I balk at spending much money on an outfit I only intend to wear for a single sweaty hour at a time. But since walking into a new exercise class where everyone else seems to know the ropes can be intimidating, finding well-fitting, comfortable and flattering gym gear is the biggest favour you can do yourself. Not to mention that seeing it hanging in the wardrobe may be the motivation you need to sacrifice that extra hour in bed.
All Fenix leggings, £85, MyGymWardrobe; Tory Sport top, £110, Net-A-Porter; Adidas Originals trainers, £70, Net-A-Porter
I have good weeks (or months) and bad, but during the good, I like to mix exercise classes so that I don’t get bored, or lose momentum on my own. I use a London-based app called ClassPass to access specialised classes at hundreds of different studios for a flat fee. Nationally, MoveGB offers a similar concept on a larger scale, or you can buy one-time passes at PayAsUGym.com. If you do intend to do a range of exercises and classes, finding kit that will mostly work across everything is the least expensive option.
The beauty essentials to have in your gym bag
Aesthetically, I’d recommend keeping it as simple as possible. Stick to a basic palette when shopping – navy and red, or black and white – to avoid fuss in the morning. I prefer to get the gym out of the way first thing, and the last thing I want to do pre-6am is try to coordinate colours. Dark shades are flattering, and hide sweat well (on that note, avoid grey marl at all costs). They are also a sage choice if you plan on travelling to or from the gym in them. I usually travel to the gym wearing Lycra with my normal coat and shoes, and while black leggings don’t look too bad under a leopard-print coat or tucked into silver ankle boots, a neon-splashed pair certainly does. Look for an understated gym bag for the same reason.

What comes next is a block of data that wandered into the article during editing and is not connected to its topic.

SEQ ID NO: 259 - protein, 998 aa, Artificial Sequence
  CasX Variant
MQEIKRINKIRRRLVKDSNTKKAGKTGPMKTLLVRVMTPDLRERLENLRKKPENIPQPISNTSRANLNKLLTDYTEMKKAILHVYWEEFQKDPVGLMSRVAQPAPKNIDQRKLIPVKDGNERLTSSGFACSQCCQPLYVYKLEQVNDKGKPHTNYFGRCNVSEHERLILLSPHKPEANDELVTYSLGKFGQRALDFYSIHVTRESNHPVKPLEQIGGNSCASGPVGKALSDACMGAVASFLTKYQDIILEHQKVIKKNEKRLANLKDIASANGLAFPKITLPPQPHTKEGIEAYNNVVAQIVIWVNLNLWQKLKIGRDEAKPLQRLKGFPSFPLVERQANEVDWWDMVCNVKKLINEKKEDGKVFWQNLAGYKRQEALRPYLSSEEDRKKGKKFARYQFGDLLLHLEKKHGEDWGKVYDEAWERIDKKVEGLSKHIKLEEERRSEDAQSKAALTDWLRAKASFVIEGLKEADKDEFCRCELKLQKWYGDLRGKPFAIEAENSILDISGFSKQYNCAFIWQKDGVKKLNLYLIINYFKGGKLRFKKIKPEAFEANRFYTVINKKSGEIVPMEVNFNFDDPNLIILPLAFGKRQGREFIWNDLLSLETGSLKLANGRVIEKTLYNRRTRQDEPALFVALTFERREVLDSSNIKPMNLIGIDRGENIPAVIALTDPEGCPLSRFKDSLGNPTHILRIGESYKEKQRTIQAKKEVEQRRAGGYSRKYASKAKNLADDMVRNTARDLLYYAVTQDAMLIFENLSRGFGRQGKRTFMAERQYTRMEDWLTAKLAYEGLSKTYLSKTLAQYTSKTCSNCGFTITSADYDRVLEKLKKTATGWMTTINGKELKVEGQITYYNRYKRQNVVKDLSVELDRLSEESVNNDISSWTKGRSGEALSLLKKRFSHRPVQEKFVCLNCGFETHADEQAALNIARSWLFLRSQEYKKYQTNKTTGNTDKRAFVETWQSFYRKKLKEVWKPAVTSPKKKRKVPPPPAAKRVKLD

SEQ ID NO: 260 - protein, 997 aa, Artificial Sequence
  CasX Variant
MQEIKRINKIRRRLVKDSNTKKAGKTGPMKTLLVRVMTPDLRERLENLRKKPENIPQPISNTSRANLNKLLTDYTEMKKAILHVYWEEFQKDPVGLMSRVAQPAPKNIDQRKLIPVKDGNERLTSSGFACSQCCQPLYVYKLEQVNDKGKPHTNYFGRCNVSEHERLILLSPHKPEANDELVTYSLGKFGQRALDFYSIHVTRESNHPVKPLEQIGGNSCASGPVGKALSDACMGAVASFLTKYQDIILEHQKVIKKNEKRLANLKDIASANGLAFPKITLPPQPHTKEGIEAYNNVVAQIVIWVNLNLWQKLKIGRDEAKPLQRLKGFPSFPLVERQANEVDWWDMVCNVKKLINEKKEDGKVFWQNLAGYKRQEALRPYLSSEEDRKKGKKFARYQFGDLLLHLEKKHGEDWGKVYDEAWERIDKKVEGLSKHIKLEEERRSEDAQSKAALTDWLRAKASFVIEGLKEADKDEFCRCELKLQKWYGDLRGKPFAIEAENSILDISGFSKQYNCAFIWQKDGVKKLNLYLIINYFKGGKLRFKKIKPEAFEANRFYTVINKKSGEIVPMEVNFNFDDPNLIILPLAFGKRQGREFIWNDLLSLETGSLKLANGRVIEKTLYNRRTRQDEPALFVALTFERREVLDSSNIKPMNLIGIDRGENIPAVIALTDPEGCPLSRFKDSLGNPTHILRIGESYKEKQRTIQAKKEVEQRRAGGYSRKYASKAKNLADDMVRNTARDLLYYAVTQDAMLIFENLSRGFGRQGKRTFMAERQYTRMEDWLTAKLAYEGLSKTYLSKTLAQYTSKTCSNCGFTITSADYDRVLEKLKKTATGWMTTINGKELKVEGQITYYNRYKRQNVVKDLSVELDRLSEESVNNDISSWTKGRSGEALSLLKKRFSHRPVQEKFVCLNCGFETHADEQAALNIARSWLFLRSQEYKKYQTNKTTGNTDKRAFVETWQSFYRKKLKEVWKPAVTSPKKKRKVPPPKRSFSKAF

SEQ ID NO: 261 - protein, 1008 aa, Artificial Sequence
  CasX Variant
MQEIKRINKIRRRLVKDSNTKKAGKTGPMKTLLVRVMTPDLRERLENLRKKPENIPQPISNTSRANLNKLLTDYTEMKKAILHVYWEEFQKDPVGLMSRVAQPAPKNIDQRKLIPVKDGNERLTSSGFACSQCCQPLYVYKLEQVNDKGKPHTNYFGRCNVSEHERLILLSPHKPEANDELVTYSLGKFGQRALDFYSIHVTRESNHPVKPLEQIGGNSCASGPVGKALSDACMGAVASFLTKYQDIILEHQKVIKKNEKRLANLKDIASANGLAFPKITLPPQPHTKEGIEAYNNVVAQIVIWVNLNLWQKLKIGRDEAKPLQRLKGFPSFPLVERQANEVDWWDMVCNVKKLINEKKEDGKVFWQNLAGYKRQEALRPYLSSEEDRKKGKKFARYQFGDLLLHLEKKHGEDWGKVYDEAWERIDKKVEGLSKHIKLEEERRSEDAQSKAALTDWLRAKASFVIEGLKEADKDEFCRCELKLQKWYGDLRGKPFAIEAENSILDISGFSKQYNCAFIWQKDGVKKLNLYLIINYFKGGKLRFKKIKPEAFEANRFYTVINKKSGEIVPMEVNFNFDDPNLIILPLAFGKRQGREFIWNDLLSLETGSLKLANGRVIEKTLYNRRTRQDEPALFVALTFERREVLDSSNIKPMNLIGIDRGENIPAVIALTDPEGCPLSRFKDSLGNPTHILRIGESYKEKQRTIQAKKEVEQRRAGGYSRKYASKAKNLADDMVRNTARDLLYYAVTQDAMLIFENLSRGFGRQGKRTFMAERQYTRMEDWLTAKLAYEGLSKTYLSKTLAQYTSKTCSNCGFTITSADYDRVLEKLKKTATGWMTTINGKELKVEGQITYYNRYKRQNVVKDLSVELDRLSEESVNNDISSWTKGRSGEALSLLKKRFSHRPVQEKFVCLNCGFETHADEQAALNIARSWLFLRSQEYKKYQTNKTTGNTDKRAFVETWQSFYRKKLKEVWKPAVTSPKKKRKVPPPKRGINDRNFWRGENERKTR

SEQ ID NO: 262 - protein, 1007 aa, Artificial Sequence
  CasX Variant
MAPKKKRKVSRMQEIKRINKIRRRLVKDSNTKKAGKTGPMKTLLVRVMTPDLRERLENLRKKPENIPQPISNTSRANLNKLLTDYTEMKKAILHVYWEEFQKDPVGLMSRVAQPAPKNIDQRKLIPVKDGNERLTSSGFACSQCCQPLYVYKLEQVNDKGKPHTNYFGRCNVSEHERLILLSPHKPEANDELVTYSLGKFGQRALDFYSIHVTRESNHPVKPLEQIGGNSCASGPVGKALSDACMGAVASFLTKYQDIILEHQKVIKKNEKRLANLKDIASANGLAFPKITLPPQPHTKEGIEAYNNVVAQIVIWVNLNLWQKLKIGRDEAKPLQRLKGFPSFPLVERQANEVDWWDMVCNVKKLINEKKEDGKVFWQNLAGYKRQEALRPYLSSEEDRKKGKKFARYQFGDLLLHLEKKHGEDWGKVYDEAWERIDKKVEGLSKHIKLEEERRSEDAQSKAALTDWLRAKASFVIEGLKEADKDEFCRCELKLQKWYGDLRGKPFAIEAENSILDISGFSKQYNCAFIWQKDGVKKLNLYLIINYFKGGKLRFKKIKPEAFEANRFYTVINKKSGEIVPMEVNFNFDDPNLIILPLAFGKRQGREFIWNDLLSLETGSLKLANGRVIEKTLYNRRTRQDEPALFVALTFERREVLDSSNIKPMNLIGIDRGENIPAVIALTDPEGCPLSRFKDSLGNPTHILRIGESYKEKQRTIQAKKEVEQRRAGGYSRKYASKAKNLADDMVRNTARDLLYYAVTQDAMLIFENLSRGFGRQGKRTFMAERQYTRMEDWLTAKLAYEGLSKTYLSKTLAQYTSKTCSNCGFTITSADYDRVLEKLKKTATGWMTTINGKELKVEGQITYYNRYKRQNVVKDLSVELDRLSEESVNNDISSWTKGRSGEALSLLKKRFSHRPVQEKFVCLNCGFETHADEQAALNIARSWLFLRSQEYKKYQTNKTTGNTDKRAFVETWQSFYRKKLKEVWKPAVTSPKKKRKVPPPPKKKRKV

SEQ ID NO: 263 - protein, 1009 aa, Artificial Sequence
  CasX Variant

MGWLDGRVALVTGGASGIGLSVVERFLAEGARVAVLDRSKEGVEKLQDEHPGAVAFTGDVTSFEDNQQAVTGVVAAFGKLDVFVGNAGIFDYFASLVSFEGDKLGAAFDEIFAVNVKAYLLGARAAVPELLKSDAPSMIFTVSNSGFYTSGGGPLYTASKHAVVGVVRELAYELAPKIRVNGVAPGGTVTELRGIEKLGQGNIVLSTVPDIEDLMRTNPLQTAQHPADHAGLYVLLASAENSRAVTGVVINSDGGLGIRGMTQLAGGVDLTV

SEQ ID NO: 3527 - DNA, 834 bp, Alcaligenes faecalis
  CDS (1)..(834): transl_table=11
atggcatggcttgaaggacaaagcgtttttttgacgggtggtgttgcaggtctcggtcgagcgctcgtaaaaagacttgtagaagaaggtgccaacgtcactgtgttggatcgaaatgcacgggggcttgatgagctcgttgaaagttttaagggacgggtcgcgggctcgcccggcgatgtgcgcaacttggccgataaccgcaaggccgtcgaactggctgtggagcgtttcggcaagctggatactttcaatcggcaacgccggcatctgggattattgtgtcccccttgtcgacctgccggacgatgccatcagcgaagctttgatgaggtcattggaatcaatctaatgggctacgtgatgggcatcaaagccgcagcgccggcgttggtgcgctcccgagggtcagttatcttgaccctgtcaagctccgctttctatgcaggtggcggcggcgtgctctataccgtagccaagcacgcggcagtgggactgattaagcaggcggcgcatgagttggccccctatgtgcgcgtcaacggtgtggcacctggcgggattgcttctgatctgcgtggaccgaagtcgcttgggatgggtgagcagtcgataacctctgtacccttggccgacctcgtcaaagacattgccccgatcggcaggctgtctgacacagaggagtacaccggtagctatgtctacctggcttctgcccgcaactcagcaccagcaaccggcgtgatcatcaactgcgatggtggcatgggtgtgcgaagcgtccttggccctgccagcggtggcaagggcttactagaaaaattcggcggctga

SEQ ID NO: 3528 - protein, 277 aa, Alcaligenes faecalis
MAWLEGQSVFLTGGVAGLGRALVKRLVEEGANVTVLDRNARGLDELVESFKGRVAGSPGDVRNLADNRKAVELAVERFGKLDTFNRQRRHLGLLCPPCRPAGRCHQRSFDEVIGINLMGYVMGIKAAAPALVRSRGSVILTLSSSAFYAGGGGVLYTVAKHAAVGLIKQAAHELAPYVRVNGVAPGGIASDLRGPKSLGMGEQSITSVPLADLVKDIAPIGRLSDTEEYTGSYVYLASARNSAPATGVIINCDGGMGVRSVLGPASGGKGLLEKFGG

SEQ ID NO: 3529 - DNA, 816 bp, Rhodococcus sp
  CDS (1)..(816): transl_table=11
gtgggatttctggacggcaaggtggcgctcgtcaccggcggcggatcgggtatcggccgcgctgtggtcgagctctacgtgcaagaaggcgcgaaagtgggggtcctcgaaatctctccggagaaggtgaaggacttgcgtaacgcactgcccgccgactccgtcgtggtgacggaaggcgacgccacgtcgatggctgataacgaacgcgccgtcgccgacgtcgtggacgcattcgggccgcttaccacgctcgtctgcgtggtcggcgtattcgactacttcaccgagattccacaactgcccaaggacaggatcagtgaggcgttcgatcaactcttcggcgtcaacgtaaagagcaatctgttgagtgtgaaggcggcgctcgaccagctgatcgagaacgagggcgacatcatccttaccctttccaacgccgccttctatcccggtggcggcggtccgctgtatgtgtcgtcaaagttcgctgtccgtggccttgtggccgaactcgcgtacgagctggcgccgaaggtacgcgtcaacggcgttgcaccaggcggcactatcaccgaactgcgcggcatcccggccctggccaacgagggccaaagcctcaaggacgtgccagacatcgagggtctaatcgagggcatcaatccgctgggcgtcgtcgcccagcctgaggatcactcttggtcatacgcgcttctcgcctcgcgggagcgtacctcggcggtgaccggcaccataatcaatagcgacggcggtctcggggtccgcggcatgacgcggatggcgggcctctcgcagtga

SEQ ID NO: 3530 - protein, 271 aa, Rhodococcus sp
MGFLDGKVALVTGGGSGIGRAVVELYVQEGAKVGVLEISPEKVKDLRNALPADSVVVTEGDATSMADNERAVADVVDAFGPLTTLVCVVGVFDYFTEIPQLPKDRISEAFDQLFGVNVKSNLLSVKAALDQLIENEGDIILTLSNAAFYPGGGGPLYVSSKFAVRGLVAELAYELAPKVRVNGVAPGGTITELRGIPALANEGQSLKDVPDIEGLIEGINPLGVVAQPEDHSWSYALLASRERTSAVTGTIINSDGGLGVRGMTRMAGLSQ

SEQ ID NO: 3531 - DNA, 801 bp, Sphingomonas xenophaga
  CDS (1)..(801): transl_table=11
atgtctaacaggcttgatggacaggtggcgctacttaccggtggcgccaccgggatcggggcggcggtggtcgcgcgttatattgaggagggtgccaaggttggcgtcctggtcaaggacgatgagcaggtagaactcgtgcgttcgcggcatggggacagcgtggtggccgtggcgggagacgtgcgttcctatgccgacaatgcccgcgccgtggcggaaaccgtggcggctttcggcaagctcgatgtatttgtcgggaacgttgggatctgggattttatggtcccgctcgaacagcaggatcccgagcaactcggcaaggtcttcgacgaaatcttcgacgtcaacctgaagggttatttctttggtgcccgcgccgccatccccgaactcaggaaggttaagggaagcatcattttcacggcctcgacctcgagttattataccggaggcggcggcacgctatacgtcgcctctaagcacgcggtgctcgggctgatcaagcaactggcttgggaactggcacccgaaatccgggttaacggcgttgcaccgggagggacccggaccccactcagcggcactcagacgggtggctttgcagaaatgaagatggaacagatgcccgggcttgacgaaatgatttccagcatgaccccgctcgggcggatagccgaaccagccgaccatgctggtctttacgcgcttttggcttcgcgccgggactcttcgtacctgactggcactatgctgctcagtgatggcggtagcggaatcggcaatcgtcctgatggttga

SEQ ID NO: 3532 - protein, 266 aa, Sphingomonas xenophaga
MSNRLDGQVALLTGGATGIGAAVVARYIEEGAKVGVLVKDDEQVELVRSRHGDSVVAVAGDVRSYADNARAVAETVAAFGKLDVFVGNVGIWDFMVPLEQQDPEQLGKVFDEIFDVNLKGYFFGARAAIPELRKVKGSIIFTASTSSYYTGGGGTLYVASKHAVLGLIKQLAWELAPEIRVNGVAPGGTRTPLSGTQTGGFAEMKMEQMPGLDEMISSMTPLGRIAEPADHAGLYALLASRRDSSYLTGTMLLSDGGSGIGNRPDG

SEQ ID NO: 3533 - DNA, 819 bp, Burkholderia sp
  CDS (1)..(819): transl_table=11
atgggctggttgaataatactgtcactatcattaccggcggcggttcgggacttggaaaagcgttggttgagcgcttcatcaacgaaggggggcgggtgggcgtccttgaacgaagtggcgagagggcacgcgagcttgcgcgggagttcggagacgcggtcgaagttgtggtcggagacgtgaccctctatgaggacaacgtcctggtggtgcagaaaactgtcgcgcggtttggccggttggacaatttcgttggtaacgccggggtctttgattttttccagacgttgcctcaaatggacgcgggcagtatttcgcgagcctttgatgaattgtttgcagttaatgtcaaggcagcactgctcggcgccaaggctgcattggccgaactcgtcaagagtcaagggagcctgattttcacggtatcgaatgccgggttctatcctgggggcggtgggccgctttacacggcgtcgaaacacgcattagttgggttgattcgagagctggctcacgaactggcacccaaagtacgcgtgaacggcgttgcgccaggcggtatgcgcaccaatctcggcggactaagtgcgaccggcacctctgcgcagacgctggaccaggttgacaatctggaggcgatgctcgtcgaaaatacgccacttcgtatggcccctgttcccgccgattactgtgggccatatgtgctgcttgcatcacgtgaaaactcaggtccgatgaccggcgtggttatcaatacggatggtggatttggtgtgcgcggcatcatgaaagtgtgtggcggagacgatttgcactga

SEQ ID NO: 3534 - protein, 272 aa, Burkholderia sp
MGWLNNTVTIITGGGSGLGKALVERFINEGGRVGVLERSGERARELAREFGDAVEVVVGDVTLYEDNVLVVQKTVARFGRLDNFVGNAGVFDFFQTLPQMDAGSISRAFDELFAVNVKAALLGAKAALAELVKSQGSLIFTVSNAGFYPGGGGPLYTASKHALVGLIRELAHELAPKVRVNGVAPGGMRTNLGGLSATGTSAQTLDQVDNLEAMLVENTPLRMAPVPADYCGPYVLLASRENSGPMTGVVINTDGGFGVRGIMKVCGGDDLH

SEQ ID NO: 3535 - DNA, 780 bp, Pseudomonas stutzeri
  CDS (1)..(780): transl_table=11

Vest with in-built support, £50, Sweaty Betty; The Upside sports bra, £79, MatchesFashion
If dark shades are too harsh against your skin (especially without make-up), try pale pink – it has a brightening effect when worn next to the face. Prints can stretch unflatteringly when you move, especially at the cheaper end of the spectrum, so you may need to spend a little more if you’re keen on print – MyGymWardrobe.com has some pretty printed options, or try Perfect Moment for graphic prints in bold colours.
If you have a large bust, then take the time to try on different sports bras. Nike’s high-intensity running bra saw me through my first 10k, and Marks & Spencer’s bra fastening style is a godsend – attempting to pull a Lycra tube over your head while sweaty is a workout in itself. If you don’t need as much support, The Upside has very pretty options. Lighter options offer enough support for a low intensity class, and make breathing exercises easier – layer under a vest with built-in support (Sweaty Betty do good ones) for more security.
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Jumpsuit, £170, Vaara
Even if you’ve got nothing to hold in, high-waisted leggings are comfortable and versatile. Lululemon do the best, in my opinion. You might recoil from wearing a jumpsuit, and so did I at first. I tried this Vaara one-piece (arriving this week), though, and the wide straps stop it from moving around too much – and not having to pull leggings up or my vest down in between yoga poses lets me concentrate. For the outdoors, Patagonia’s fabric technology is second to none, as is its social conscience.